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Upgrading my ReplayTV

A step-by-step illustrated chronicle of my ReplayTV 5040 upgrade

Upgrading your ReplayTV isn't as difficult as you'd think it would be. That's because a great utility called RTVPatch exists. It is totally free and open source, and (at least for me) worked beautifully. Biggest kudos to the team that created it.

Now on to the project. I started with my ReplayTV 5040, which has a 40 gig HDD. I found and purchased a 160 gig Maxtor DiamondMax Plus on the cheap. When researching the upgrade process, I saw that while there was plenty of textual documentation out there, there wasn't much in the way of pictures. So, I tried to take photos at every major step. Please note, if you intend on upgrading your ReplayTV like I did you should be fairly comfortable in tinkering with the insides of a computer. There's nothing major done in this process, but you should understand:

What you're going to require: A PC running either Linux or Windows, with one IDE channel available. As in, both plugs on that channel's IDE cable need to be free. Since you probably have your main hard drive on the Primary IDE channel, unplug both devices (such as CD-ROMs, etc, if there are any) on the Secondary channel. I happen to have a spare PC with Red Hat 9 installed on it, so I used that. On the PC you intend to use for this upgrade, grab the copy of RTVPatch that's for your OS. Since I'm running desktop Red Hat 9, I used XRTVPatch which runs in the xwindows environment. Other versions include: a text-based one to run from the linux command line, a Windows version, and a bootable version. The bootable one allows you to create a boot disk so that you can just boot your PC using that floppy and run the utility from there. If you use either of the linux versions, make sure to change the file permissions for RTVPatch or XRTVPatch to allow execution. I say this because it had me baffled for a while like the linux amateur I am.

To get started, unplug and open your ReplayTV case.

You'll see the hard drive sitting right in the surprisingly empty box. Unplug the power and IDE cables from the drive, and unscrew the mounting bracket holding it to the case. You'll have to cut a cable tie (pictured below) in order to lift out the bracket without disturbing the cables leading to the ReplayTV's motherboard.

It is important to not unplug these cables, as I've read everywhere that this will cause horrible things to happen to your ReplayTV. I just slid the drive (still attached to the mounting bracket) out from underneath the wires.

Remove the drive from the mounting bracket by unscrewing the four screws on the sides of the drive. ReplayTV uses the drive with its jumper set in "Cable Select" mode. This is a no-no when putting it in a PC, so switch the jumper to mark the original ReplayTV drive as "Master." That means you should change the jumper on the new upgrade drive to be "Slave." Instructions for where to put the jumper should be printed on the top of the drive.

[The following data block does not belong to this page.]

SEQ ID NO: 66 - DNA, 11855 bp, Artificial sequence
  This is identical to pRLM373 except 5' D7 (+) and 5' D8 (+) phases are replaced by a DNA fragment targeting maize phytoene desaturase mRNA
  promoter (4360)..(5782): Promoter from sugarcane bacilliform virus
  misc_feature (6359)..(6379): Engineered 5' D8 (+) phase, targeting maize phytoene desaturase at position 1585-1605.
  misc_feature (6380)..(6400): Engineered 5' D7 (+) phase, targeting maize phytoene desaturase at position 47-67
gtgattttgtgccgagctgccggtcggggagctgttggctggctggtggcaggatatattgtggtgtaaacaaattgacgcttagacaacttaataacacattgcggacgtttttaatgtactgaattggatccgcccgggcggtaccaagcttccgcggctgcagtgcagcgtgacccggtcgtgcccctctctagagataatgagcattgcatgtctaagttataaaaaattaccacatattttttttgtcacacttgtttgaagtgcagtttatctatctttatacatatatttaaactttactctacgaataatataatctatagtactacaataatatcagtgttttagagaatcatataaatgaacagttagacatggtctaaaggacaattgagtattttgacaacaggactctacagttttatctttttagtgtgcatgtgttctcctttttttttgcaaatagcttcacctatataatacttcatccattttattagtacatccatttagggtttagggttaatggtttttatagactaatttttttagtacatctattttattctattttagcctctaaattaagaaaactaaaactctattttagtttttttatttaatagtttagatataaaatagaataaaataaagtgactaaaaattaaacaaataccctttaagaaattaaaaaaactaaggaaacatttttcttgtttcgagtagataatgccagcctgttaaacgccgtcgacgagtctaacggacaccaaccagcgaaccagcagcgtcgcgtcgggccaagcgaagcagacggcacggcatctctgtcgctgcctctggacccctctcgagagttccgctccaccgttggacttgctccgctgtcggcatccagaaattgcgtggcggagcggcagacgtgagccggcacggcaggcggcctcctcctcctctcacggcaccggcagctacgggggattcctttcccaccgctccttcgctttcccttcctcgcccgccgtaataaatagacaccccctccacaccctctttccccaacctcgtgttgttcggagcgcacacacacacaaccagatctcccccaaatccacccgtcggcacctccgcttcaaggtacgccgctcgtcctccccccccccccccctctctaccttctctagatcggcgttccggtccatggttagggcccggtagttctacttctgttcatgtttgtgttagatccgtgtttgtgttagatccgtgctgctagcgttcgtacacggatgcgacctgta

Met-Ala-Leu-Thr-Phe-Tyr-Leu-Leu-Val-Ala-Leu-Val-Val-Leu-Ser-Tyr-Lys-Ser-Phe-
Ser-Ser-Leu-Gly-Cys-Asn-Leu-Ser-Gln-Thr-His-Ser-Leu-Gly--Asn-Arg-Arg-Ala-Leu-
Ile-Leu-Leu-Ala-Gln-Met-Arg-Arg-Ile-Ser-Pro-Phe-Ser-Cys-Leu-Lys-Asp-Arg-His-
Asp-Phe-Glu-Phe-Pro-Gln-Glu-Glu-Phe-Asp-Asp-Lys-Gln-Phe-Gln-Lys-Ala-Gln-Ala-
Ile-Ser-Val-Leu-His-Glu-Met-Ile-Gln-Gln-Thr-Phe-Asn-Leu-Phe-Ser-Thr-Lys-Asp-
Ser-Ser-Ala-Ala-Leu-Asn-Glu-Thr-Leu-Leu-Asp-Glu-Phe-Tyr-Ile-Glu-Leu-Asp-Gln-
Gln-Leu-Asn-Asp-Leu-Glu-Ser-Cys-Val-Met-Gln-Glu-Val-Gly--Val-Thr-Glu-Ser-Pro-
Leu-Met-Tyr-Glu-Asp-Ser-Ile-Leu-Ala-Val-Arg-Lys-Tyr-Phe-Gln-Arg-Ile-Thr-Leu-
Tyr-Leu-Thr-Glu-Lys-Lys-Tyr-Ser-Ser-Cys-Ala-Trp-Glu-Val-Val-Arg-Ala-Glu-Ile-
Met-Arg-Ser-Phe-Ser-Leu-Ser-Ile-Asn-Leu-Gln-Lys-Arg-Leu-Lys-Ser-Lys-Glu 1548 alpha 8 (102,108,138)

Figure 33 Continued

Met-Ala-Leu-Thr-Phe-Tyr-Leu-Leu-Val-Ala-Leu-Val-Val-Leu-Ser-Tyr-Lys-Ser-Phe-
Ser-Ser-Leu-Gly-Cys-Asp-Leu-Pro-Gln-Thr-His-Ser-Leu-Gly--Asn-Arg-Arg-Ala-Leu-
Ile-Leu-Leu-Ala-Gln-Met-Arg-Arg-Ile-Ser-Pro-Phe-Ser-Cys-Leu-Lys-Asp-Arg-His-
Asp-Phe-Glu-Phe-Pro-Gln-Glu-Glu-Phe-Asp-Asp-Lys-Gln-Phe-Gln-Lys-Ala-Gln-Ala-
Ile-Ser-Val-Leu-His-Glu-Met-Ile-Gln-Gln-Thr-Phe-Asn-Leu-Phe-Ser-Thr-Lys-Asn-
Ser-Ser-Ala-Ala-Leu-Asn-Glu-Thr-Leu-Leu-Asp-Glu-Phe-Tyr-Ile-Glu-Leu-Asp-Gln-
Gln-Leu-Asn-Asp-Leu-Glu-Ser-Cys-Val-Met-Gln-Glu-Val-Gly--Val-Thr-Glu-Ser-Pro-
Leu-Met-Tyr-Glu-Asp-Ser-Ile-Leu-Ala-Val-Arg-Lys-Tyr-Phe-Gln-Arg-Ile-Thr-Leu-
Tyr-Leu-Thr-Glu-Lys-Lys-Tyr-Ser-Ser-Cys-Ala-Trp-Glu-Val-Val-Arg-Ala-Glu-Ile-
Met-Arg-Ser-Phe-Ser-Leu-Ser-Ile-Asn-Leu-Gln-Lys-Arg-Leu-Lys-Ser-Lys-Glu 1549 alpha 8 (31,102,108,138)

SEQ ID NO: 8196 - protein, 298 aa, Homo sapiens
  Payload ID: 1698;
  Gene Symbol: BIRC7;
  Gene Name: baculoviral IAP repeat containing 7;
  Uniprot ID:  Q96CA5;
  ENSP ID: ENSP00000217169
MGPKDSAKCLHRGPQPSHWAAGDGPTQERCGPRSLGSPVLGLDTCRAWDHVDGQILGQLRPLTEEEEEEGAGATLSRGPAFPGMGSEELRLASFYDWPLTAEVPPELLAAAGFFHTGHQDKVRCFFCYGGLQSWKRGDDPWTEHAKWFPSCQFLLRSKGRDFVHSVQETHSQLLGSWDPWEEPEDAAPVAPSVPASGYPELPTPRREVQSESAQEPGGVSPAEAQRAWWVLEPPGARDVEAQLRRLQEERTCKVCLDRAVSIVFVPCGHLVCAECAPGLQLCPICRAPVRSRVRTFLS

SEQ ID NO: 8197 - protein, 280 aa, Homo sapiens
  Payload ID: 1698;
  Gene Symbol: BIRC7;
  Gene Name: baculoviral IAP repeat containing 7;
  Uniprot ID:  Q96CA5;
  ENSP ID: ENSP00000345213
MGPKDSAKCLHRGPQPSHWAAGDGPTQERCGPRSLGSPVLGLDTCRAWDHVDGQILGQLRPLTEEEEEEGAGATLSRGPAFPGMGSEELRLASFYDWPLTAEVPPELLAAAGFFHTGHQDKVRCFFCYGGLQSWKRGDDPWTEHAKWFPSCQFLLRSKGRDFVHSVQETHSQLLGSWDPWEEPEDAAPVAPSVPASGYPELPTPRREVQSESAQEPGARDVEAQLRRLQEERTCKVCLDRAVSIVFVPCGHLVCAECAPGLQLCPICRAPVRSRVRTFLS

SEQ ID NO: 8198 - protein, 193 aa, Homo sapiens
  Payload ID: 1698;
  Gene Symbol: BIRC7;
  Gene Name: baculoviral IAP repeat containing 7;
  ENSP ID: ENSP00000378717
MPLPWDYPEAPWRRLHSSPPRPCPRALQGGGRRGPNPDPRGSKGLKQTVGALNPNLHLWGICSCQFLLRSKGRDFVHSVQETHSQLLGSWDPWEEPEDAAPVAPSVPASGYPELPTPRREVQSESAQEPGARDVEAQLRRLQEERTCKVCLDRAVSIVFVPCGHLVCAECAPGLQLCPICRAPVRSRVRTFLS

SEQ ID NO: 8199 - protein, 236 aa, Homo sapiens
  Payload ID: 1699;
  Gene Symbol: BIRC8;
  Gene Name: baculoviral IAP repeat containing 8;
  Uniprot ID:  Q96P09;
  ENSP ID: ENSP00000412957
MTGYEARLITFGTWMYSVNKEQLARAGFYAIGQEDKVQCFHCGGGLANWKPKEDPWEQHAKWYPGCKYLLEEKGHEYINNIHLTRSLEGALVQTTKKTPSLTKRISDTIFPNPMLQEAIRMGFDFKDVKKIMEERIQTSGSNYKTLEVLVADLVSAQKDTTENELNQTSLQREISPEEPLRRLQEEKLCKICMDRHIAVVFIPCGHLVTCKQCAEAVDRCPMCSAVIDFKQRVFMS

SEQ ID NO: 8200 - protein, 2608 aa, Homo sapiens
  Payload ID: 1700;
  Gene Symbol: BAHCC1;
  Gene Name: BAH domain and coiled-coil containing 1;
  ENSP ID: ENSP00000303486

Connect both drives to your PC. The original ReplayTV drive should be hooked to the connector at the end of the cable, and the new upgrade drive should be hooked to the connector in the middle. In the picture below, you'll see 3 drives -- the one on the bottom is the main system boot drive, the top two are the old and new ReplayTV drives. I know some people would scoff at me for stacking these drives so closely together, but they won't be like this long. They did get rather toasty, so I wouldn't leave the machine running for days with this setup.

Fire up the machine and start RTVPatch. Check to make sure that the drive shows up as the correct size, otherwise you have problems and should consult all of the online help. Dig my high-tech method of taking screen shots!

Basically, what this program does is copy your ReplayTV system information from the original drive (the source) to your new upgrade drive (the destination). It also copies over your old show files onto the new drive for you. Select the source drive and the target drive from the dropdowns. Triple-check to make sure you've selected the correct ones. Click the "Copy System Partition" button. This will put the system info on the destination drive. This should only take a few seconds to happen. If you would like to copy your shows from the original drive to the new one (like I did), click the "Copy MPEG Partition" button. This process will take longer, mine ran around 45 minutes. A progress bar will creep along so you can estimate how long it will be.

Once that's finished, the last step is to click the "Patch Target Disk" button. What this does is marks the ReplayTV system information with how big your drive is. Basically, it lets the ReplayTV know how much total storage space is on the disk. This is a quick but important step, don't forget to do it!

The new drive is now ready to be used in your ReplayTV. Power down the PC, and remove the new drive. You can keep the old drive in your PC as you now have another 40 gig drive you can use for whatever you want. Move the new drive's jumper from the "Slave" spot to the "Cable Select" spot. Refer to your hard drive's instructions for which spot to put the jumper.

Screw the new drive into the mounting bracket with the screws that came with your new hard drive.

Slide the mounting bracket (with drive attached) back under the wires, and screw it down. Re-attach the IDE and power cables.

Put the cover back on, hook the ReplayTV up to your TV, and you're ready to go! With my 160 gig drive, my ReplayTV was 100% full before the upgrade but now I have another 65 hours available at medium quality. I can't reiterate how simple and painless this was, many many thanks to the creators of RTVPatch for their wonderful work. Happy upgrading!